The Sept. 26 Style review of a Madeleine Peyroux performance incorrectly said that her record label hired a private investigator in August because it could not locate the artist. Peyroux was not missing and the fabricated story was circulated by a publicist in Britain, according to an executive with her U.S. record label. (Published 9/28/2005)
The encore is something of a farce in contemporary popular music. After the initial walk-off round of thank you/good night, more music is inevitable; it's even written in the set lists. And yet, the audience plays along by hooting itself silly -- as if the sustained cheering matters.
But every now and again, you stumble across a performer whose return to the stage really does seem like an uncertainty. Take Madeleine Peyroux, who sings mostly of heartache and yearning with a fragile, raspy alto that's strikingly reminiscent of Billie Holiday's. Peyroux has been showered with critical praise, and she's adored by a few hundred thousand fans who've no doubt placed her latest album, "Careless Love," on the same part of the CD rack that holds the work of Norah Jones, Cassandra Wilson, Diana Krall et al.
For all that Peyroux has going for her, though, she appears to be more than a little uneasy onstage. Saturday night at Lisner Auditorium, the native of Athens, Ga., chattered nervously between songs and often averted her eyes. She also fidgeted with her scarf when she wasn't holding her safety blanket of an acoustic guitar; smiled very little; and pretty much looked like she'd rather be anywhere but there. (Thankfully, she hardly sounded like it. But still.)
After all those awkward moments and 15 riveting and rapturous songs, Peyroux walked off the stage with her terrific backing trio -- and there was actual suspense over whether she'd return.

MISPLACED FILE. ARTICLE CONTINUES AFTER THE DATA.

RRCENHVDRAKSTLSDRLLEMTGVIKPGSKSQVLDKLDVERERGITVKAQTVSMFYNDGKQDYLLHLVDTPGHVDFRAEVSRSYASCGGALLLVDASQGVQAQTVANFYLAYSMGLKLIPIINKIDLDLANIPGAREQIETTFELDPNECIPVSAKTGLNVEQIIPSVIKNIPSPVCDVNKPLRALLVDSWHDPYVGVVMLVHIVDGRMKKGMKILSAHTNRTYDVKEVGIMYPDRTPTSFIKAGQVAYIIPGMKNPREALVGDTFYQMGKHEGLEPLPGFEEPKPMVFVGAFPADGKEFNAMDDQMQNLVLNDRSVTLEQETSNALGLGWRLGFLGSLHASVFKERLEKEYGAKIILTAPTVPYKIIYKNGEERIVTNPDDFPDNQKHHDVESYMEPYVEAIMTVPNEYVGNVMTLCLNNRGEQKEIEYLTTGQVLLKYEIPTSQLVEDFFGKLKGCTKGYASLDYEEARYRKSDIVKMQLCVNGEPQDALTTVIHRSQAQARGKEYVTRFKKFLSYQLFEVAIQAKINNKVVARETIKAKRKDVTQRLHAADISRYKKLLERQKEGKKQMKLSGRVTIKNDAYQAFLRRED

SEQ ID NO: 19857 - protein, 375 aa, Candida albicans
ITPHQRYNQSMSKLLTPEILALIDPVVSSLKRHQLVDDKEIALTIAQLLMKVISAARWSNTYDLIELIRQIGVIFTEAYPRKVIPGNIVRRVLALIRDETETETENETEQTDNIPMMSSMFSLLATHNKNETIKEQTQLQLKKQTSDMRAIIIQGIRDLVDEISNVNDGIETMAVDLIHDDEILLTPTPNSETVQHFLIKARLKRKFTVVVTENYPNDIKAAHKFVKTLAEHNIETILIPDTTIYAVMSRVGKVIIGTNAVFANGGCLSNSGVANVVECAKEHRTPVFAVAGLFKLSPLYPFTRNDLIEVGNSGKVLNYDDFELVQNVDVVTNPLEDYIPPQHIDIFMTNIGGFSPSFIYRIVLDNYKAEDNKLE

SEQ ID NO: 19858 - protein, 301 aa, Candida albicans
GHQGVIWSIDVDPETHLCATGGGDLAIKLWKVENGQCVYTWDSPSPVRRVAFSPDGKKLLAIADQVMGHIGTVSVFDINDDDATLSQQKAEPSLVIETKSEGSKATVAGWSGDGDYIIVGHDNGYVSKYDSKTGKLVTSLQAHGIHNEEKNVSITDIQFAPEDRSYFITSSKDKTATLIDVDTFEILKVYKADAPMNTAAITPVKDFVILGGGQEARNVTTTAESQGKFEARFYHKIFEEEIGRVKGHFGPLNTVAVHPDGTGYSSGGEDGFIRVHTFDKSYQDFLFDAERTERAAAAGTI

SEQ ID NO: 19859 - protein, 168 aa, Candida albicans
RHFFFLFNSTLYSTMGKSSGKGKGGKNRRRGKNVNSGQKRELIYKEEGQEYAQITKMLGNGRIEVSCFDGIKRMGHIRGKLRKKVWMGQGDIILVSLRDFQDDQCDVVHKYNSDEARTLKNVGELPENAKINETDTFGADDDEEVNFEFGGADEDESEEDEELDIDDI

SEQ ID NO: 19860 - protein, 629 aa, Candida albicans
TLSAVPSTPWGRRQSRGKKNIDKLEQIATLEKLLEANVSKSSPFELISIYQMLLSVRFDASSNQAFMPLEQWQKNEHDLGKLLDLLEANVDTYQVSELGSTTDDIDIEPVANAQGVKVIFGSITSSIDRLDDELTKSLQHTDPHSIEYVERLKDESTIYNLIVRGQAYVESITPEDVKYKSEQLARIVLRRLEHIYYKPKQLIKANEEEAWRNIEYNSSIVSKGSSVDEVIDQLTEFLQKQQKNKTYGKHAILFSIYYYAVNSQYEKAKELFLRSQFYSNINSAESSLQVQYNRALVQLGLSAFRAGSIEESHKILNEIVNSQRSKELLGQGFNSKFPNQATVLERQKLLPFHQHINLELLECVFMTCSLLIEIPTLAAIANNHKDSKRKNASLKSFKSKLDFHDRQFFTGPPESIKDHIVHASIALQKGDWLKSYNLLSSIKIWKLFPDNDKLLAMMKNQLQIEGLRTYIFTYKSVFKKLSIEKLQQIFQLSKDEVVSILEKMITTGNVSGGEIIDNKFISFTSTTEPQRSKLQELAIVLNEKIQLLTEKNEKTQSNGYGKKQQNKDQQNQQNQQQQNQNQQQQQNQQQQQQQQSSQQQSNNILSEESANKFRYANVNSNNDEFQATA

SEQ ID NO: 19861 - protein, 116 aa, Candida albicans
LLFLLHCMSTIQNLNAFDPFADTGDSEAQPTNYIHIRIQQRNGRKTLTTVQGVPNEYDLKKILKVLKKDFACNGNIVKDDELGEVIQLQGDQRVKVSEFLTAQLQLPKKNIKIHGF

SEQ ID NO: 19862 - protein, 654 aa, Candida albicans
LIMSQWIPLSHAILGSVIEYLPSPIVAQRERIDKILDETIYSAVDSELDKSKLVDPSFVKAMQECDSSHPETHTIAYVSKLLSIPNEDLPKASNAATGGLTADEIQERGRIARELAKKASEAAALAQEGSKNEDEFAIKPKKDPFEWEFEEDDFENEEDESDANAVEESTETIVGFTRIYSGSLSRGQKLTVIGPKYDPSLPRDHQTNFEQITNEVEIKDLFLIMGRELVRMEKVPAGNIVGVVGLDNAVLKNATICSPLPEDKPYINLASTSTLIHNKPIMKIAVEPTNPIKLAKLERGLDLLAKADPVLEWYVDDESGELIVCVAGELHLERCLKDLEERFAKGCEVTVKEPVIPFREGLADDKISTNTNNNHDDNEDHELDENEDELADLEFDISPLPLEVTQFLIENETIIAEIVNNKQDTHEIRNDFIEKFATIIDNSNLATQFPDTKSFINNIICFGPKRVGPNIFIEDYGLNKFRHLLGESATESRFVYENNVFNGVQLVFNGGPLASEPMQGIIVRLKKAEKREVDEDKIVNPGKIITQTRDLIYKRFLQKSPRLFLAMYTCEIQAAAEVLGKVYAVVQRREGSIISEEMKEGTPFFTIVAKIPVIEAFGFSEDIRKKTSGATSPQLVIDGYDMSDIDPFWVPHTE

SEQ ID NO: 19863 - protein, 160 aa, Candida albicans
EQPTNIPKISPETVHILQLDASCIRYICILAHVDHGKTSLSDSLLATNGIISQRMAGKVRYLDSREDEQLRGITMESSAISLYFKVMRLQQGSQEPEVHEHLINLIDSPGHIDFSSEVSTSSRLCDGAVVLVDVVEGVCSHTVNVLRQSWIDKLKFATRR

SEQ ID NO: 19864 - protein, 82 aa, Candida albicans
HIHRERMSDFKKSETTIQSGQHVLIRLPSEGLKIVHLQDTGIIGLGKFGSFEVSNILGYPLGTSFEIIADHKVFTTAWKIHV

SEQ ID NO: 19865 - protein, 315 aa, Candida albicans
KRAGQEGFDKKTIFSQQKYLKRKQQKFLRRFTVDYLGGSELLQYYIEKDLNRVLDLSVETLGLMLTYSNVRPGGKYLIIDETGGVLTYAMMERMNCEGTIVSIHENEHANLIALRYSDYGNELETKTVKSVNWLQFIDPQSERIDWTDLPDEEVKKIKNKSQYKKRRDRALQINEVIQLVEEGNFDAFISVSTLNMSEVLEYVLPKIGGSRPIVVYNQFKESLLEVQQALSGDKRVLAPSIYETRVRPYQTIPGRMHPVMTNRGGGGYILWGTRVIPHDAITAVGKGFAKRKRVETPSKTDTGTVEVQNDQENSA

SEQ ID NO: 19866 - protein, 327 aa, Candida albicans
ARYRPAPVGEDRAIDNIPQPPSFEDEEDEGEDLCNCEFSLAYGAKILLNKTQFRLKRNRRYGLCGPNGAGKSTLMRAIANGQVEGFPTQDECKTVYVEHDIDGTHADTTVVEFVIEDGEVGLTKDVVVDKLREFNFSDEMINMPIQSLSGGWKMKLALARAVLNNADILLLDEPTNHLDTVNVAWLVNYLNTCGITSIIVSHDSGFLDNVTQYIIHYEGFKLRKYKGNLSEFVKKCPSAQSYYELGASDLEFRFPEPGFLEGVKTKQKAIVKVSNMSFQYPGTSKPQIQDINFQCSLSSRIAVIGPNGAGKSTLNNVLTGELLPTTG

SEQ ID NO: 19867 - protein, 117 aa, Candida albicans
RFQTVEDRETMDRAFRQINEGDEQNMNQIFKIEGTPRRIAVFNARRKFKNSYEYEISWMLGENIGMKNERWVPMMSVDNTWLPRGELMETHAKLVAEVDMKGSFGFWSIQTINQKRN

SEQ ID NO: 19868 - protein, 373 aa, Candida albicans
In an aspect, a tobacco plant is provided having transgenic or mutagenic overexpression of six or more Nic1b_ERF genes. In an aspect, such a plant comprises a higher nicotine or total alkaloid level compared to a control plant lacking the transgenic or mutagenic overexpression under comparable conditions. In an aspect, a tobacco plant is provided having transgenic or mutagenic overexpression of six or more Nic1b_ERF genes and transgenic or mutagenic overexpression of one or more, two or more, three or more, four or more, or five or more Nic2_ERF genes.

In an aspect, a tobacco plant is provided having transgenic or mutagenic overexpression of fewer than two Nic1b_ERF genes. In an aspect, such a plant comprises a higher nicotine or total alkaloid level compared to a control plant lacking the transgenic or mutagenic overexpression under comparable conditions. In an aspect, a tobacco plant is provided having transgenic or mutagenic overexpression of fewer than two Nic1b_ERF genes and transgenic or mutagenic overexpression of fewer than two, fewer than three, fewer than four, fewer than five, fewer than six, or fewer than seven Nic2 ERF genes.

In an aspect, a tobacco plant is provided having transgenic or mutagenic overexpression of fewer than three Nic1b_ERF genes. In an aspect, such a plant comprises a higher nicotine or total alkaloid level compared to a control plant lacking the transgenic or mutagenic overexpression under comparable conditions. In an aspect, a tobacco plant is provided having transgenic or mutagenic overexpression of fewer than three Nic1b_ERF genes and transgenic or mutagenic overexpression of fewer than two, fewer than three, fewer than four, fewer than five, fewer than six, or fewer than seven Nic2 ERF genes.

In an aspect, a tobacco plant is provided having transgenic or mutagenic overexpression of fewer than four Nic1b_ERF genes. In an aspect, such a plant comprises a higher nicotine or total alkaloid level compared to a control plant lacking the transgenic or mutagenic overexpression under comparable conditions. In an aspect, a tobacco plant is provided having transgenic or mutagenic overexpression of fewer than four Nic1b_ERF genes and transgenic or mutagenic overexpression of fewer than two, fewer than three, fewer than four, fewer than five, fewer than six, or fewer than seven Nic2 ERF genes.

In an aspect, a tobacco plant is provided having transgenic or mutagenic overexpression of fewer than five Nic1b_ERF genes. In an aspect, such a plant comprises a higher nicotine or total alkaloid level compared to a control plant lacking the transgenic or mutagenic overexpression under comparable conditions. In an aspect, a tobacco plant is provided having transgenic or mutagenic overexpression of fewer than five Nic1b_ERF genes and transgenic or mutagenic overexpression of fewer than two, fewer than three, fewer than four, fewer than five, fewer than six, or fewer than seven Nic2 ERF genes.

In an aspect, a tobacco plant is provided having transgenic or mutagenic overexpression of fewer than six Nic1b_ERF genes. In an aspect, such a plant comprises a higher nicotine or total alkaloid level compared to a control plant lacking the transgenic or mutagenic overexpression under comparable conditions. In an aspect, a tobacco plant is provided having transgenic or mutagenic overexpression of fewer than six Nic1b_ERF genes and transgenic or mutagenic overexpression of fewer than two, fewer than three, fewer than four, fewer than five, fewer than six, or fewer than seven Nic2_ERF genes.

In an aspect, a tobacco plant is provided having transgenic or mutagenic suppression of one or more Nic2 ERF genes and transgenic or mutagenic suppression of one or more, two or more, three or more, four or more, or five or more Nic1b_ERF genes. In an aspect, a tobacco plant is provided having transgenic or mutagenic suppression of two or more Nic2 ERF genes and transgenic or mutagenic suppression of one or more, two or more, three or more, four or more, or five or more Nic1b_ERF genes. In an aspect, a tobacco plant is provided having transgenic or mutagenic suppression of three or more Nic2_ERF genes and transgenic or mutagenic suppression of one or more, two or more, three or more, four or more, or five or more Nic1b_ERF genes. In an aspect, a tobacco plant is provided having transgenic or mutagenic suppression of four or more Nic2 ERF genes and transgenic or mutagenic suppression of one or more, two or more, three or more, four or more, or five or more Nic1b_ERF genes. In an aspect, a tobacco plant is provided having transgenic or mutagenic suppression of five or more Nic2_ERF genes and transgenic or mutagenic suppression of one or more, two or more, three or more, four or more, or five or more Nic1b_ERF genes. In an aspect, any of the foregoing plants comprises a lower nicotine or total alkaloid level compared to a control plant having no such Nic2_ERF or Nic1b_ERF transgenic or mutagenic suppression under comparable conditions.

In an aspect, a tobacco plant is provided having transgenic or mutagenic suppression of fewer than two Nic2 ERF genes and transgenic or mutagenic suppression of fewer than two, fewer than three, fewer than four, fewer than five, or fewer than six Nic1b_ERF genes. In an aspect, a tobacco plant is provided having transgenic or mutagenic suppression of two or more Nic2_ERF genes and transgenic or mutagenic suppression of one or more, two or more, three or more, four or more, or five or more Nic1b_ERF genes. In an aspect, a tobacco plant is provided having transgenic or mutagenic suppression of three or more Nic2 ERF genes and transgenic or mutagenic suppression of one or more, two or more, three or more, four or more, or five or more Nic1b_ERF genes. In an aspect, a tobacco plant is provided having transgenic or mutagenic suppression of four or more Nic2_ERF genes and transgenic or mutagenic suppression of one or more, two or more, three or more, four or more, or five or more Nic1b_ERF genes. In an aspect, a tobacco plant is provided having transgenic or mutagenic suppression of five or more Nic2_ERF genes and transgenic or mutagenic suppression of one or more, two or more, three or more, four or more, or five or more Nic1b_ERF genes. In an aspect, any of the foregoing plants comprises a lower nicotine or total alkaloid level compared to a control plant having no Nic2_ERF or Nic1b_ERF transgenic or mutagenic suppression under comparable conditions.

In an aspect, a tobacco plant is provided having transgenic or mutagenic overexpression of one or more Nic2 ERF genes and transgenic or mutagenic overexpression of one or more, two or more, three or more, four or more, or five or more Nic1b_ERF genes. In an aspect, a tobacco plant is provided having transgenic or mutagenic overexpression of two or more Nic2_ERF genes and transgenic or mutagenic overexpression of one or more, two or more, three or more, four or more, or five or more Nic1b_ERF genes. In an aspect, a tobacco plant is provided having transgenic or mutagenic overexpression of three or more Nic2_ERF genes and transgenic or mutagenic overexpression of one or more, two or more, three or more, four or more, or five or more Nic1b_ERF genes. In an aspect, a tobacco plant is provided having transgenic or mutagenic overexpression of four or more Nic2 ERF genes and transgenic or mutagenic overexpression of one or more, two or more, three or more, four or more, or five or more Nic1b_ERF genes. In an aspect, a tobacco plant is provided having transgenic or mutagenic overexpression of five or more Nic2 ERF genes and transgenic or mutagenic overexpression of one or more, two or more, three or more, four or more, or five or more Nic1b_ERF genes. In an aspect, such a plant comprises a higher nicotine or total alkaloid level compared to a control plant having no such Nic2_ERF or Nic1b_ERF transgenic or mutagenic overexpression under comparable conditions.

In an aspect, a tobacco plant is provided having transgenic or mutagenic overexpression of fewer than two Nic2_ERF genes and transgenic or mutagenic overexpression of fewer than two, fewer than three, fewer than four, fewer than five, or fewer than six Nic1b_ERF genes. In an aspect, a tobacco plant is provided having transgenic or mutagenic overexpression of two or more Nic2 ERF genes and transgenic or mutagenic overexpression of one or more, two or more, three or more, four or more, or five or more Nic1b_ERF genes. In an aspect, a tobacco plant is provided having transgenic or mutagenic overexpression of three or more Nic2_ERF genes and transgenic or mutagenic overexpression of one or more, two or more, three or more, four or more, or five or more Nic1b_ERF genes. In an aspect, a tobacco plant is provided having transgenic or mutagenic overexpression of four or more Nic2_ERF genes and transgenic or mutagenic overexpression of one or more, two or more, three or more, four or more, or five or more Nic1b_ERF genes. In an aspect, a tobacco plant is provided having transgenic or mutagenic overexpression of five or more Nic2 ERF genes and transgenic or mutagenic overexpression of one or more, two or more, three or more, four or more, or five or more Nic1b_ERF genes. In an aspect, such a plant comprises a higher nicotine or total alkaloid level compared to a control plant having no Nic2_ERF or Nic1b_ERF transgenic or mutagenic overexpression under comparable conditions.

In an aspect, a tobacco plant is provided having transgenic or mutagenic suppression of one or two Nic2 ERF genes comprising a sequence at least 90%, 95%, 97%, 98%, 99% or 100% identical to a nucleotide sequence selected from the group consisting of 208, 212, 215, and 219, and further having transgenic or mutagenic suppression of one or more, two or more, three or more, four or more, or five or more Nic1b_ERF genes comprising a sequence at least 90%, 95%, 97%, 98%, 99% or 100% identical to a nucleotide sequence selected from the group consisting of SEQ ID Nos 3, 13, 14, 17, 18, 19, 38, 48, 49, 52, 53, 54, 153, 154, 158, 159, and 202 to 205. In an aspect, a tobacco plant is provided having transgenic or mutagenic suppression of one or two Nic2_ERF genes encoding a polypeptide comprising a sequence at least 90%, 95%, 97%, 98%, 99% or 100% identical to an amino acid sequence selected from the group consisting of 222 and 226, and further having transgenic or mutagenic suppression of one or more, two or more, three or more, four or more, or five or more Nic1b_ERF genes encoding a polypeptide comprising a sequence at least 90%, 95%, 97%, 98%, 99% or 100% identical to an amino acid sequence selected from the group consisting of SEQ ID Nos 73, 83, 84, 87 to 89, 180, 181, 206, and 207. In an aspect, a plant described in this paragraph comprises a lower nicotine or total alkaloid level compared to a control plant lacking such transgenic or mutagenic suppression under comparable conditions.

How appropriate. After all, this is the same artist who'd only recently emerged from self-imposed music industry exile. Following the smashing success of her 1996 debut, "Dreamland," released when she was just 22, Peyroux dropped off the grid for nearly seven years.
No albums. No tours. No interviews. Nothing but busking on the streets of Paris, where she'd moved with her mother at the age of 13, following her parents' divorce.
Peyroux eventually resurfaced to make "Careless Love," which was released last year, but there's still a tortured-artistness about her that makes people twitchy. After she didn't check in with her record label last month, the suits there were so fearful that they hired a private investigator to find her. (Turns out she was in New York with her manager. Oops.)
Anyway, Saturday night, a couple of minutes into a long and loud ovation at Lisner, Peyroux ended the suspense when she peeked at the audience from the wings, then reemerged for a one-song curtain call, a cover of "Destination Moon." She even smiled.
"Thanks for keeping us dreaming," she said before starting into the whimsical jazz classic whose cheery lyrics were somewhat atypical for the evening; mostly, Peyroux focused on heart-sore songs associated with (if not always written by) other artists.
There was the down-tempo blues of Bessie Smith's "Don't Cry Baby," the stark Elliott Smith mood piece "Between the Bars," Gene Austin's lightly swinging "Lonesome Road" and Patsy Cline's loping "Walking After Midnight" -- what's not to love about an artist who expertly interprets Bessie and Elliott Smith?
Showing that she's hardly a traditional chanteuse, Peyroux also performed Bob Dylan's "You're Gonna Make Me Lonesome When You Go" and Leonard Cohen's sweet ballad "Dance Me to the End of Love." Take that, Norah Jones!
Hank Williams's "Weary Blues" was perhaps the perfect showcase for Peyroux, with its stripped-down arrangement and low-volume instrumental accompaniment from Paul Nagel (Fender Rhodes keyboard), Scott Amendola (percussion) and Matt Penman (upright bass). Whereas many singers might show off their frilly vocal tricks and raw power, Peyroux displayed terrific control and an admirable economy of vocals, not to mention the nuanced phrasing that earned the Lady Day comparisons in the first place.
"Weary blues from waitin'," Peyroux sang. "Lord, I've been waitin' too long."
So have we, Madeleine. So have we.